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Water Landing  
User currently offlineAerosvit From Ukraine, joined Feb 2004, 112 posts, RR: 1
Posted (10 years 5 months 3 weeks 19 hours ago) and read 5478 times:

So what happens if a plane crash lands on water? Do we all go out and swim away on those life rafts as depicted on the safety manuels? Does it float like the pictures say?

Some reason I always have my doubts every time I read those  Big grin


Clava Ykraini
31 replies: All unread, showing first 25:
 
User currently offlineKaligrafy From Canada, joined May 2004, 87 posts, RR: 0
Reply 1, posted (10 years 5 months 3 weeks 19 hours ago) and read 5384 times:

In fact, if planes with engines under the wings could eject them before landing on water, then, it would be possible to survive... As it is impossible for now to manually eject engines, then 99% sure no one could survive a water landing since engines will stop the aircraft too rapidly...

On the other side, a DC-9 or most regional should be able to land, let say 50% chance to survive...



Never forget Earth
User currently offlineCanoecarrier From United States of America, joined Feb 2004, 2841 posts, RR: 12
Reply 2, posted (10 years 5 months 3 weeks 19 hours ago) and read 5333 times:

Are you serious Kaligrafy?

Didn't Ethiopian have a hijacked A310 or 300 run out of gas and perform a water landing in the late 90's? If my memory is correct, there was a large loss of life, but not everyone was killed.



The beatings will continue until morale improves
User currently offlineAerosvit From Ukraine, joined Feb 2004, 112 posts, RR: 1
Reply 3, posted (10 years 5 months 3 weeks 19 hours ago) and read 5293 times:

Haha...than on those manuals...they should say...in case of water landing...good-bye...

anyway...yeah...there was such an incident and it involved a 767.

http://www.airdisaster.com/cgi_bin/view_details.cgi?date=11231996®=ET-AIZ&airline=Ethiopian+Airlines

maybe ejecting engines is a feature the 7E7 may have  Big grin...just kidding.



Clava Ykraini
User currently offlineLongHauler From Canada, joined Mar 2004, 5057 posts, RR: 43
Reply 4, posted (10 years 5 months 3 weeks 19 hours ago) and read 5288 times:

We do water landings in the simulator from time to time for practice. Yes, if done correctly, there is a very good chance no one will get hurt.

Two well known water landings that did result in fatalities had other circumstances:

The Ethiopian B767 (not A310) was being hijacked at the time, and there was a fight for control when the aircraft crashed.

The ONA DC-9 that water landed near St. Croix happened to have an unserviceable PA system, and the lack of communication from the flight deck left the actual time of landing a surprise and some of the passengers were not yet seated, nor wearing their life vests.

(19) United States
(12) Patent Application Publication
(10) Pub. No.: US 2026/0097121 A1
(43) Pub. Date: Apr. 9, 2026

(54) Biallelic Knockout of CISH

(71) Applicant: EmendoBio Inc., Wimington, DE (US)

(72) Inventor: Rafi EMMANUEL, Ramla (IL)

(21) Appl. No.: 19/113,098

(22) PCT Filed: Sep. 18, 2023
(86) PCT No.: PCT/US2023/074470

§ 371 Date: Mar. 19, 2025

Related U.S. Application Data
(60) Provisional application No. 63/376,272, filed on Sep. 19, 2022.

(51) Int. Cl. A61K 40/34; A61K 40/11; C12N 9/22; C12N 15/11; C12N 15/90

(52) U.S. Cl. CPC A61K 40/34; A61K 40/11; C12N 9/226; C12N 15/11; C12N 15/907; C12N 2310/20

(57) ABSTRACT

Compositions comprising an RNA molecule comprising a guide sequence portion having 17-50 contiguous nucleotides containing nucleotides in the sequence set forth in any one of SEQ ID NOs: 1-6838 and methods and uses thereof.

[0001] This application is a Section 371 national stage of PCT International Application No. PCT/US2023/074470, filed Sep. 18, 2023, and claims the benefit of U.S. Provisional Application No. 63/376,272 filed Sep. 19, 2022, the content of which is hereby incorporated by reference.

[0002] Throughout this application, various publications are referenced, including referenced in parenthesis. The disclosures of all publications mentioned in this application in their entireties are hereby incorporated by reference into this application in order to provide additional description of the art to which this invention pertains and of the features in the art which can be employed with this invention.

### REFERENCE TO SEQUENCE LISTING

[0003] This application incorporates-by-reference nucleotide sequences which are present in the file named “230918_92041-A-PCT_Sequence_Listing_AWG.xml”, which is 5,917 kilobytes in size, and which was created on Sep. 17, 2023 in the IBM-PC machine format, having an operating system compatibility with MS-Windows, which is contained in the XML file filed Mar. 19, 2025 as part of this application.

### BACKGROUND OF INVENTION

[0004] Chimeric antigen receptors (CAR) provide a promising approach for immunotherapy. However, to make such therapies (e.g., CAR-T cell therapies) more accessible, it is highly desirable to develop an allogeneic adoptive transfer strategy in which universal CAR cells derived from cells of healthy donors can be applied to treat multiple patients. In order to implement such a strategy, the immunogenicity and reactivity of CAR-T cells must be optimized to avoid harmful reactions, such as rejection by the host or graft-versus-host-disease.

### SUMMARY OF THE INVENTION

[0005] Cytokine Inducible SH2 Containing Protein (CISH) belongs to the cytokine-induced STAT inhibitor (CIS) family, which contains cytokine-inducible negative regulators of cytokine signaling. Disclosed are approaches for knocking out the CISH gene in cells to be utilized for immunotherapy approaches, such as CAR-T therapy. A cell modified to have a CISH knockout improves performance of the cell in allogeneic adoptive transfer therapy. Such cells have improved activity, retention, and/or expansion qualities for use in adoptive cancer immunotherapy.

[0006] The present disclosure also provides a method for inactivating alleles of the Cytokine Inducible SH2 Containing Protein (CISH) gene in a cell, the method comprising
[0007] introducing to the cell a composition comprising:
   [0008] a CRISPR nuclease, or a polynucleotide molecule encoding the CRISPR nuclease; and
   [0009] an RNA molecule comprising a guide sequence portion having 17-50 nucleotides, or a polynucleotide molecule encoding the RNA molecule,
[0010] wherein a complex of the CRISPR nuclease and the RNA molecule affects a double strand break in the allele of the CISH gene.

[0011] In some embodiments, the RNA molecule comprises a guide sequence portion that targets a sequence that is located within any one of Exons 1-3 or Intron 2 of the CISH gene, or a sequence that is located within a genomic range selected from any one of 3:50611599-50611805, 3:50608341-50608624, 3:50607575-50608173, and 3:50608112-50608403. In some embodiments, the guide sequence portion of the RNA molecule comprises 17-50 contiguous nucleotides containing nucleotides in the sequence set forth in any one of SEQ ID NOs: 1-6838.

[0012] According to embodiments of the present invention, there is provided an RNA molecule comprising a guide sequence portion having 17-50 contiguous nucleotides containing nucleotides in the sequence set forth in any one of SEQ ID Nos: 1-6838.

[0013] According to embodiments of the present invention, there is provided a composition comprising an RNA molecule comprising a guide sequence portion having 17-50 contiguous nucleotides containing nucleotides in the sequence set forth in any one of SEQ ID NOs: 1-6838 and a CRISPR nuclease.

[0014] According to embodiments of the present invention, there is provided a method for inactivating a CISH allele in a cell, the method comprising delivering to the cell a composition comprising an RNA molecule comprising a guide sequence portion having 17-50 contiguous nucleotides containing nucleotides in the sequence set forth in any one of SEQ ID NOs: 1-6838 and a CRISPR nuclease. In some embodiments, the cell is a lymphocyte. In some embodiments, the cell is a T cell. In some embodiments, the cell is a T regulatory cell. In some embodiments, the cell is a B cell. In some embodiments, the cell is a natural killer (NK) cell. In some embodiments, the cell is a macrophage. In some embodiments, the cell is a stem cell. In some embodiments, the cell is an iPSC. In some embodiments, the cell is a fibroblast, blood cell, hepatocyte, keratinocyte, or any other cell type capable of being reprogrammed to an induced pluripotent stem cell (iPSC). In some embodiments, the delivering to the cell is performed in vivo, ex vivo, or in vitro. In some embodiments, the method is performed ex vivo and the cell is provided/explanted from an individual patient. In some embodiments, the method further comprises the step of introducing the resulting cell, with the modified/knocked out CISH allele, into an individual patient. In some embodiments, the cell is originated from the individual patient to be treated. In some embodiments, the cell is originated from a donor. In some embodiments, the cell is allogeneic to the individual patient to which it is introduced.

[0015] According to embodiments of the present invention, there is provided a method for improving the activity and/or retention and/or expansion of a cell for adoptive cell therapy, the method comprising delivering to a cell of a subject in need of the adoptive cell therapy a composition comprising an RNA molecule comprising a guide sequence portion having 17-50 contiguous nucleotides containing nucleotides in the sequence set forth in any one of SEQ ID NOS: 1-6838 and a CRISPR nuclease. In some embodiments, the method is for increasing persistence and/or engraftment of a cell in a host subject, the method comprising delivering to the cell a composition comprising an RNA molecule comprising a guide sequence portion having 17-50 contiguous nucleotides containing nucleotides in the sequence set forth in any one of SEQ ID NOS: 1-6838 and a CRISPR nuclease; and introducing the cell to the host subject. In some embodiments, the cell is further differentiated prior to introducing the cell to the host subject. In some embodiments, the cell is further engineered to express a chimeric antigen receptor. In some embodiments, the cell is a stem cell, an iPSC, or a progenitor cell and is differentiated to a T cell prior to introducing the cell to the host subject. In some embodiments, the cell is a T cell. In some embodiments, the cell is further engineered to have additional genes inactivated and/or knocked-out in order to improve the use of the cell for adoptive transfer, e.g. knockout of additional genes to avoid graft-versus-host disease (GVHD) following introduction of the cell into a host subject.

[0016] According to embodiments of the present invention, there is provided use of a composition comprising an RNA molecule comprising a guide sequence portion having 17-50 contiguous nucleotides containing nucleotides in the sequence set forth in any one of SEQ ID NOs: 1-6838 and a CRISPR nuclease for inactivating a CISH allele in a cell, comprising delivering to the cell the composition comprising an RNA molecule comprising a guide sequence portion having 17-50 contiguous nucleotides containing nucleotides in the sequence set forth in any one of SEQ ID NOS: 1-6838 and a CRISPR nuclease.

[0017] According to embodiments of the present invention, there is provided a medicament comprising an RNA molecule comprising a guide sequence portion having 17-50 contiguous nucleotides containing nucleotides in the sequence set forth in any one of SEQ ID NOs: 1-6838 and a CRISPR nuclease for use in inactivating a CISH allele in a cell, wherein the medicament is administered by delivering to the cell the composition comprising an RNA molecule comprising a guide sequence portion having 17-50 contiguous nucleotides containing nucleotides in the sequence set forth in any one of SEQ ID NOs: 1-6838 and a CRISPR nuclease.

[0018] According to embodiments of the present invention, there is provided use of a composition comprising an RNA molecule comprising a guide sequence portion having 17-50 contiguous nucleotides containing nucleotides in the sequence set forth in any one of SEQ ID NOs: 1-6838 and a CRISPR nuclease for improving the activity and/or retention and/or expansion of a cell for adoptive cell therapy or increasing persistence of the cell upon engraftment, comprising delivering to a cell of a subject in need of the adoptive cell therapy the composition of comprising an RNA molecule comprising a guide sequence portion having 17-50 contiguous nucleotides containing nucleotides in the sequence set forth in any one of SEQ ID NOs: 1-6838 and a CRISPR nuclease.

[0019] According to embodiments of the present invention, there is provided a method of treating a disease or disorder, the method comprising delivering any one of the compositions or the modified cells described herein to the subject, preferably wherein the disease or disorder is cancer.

While extremely rare, I would imagine other than the above bizarre circumstances, your worst enemy might be the weather, nor just for the landing itself, but also for survival in the life rafts after.

It has been said that when done correctly, you can count on the aircraft floating for at least 15 minutes.



Never gonna grow up, never gonna slow down .... Barefoot Blue Jean Night
User currently offlineAerosvit From Ukraine, joined Feb 2004, 112 posts, RR: 1
Reply 5, posted (10 years 5 months 3 weeks 19 hours ago) and read 5242 times:

Sweet....thanks for the info LongHauler...greatly appreciated  Smile


Clava Ykraini
User currently offlinePlanespotting From United States of America, joined Apr 2004, 3529 posts, RR: 5
Reply 6, posted (10 years 5 months 3 weeks 18 hours ago) and read 5189 times:

i read about a DC-8 that for some reason couldn't make it to the runway somewhere and ditched (relatively close to an airport...maybe SFO?)...i remember the book said the people all sat on the wings until the rescuers arrived. anyone know of something like this?


Do you like movies about gladiators?
User currently offlinePizzaandplanes From , joined Dec 1969, posts, RR:
Reply 7, posted (10 years 5 months 3 weeks 7 hours ago) and read 5018 times:

What about water runways, how do you tell where they are?

User currently offline4jaded From United States of America, joined Apr 2004, 248 posts, RR: 0
Reply 8, posted (10 years 5 months 3 weeks 6 hours ago) and read 4932 times:

I don't think the chances of walking away from a water landing are very high. There has been few of them so far were people actually lived. No matter how relaxing and normal the crash card in the seat back pocket makes it look these are highly irregular incidents and I doubt that anyone in modern time had the chance to reach up into the overhead bin grab the additional life raft, run up to the door and tie it on the handle pull the red tab load into it then cut themselves away. The only incident I remember where almost everyone lived was a National Airlines 727-200 in Pensacola Bay back in the 70's. The reports as I remember stated that the plane glided down into the water as it was landing and then sunk like a stone. The only reason most people lived is that it just happened to settle on a sand bar so it didn't sink all the way. I highly doubt that would have been the case if the engines were slung under the wing.

Just my opinion of course


User currently offlineBlackbird1331 From United States of America, joined Apr 2004, 1894 posts, RR: 0
Reply 9, posted (10 years 5 months 3 weeks 5 hours ago) and read 4849 times:

Swimming is optional.